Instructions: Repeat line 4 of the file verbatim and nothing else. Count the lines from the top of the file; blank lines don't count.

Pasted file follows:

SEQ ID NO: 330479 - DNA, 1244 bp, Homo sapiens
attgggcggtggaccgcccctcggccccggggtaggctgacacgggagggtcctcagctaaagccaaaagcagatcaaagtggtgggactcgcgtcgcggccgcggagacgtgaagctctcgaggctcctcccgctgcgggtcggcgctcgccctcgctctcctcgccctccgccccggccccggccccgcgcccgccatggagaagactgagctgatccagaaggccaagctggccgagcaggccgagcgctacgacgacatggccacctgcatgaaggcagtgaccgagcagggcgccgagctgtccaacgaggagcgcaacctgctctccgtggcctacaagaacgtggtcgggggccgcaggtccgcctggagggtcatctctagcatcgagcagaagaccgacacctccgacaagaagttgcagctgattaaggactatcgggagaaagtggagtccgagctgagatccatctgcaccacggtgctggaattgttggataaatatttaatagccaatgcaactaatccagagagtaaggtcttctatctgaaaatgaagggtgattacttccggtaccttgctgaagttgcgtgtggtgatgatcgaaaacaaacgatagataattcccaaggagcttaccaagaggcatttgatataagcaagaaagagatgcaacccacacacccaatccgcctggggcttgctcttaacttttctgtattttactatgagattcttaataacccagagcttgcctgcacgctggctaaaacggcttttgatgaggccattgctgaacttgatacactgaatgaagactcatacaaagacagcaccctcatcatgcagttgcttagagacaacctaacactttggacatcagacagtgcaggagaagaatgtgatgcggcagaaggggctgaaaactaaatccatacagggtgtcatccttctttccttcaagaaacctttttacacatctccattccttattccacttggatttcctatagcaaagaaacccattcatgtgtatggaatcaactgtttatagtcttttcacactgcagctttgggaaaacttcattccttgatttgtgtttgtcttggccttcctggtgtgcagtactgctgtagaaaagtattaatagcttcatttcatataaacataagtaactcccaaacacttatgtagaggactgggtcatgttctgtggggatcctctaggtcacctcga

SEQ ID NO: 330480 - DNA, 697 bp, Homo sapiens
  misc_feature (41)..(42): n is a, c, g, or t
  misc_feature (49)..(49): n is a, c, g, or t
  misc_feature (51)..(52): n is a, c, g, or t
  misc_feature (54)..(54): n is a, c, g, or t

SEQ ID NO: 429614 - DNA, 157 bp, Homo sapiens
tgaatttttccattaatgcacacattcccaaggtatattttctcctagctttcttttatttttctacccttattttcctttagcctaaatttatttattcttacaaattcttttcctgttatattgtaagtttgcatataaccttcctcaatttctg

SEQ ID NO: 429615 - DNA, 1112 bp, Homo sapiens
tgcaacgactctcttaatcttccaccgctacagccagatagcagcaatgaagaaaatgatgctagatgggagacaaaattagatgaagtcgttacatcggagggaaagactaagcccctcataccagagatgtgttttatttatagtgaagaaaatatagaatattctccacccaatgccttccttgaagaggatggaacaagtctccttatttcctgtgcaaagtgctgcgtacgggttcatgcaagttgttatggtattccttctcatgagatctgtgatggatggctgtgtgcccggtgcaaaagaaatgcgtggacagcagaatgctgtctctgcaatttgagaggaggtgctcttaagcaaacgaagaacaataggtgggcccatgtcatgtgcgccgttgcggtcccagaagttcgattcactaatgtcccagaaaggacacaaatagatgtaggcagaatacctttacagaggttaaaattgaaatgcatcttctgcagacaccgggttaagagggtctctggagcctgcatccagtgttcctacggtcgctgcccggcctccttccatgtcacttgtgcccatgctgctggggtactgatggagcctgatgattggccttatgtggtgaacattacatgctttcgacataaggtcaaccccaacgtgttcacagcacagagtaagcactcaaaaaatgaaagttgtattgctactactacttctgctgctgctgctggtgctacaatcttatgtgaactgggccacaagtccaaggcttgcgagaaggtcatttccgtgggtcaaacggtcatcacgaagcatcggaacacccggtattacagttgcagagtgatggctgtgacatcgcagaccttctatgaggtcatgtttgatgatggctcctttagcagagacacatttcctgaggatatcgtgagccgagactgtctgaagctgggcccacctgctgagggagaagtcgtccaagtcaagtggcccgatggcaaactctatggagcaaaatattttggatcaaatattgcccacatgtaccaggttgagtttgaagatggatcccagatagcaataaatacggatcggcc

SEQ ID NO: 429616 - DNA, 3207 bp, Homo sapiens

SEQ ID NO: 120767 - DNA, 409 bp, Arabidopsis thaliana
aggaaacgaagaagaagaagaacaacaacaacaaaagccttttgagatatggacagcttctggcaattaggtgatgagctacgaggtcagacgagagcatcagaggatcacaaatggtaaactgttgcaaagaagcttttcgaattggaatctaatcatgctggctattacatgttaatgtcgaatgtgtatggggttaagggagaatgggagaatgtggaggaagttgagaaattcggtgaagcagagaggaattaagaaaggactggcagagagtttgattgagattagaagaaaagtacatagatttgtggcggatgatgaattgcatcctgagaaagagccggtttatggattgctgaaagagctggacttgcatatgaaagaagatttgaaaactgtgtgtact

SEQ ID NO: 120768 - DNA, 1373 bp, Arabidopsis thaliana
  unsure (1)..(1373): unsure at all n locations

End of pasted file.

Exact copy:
  misc_feature (41)..(42): n is a, c, g, or t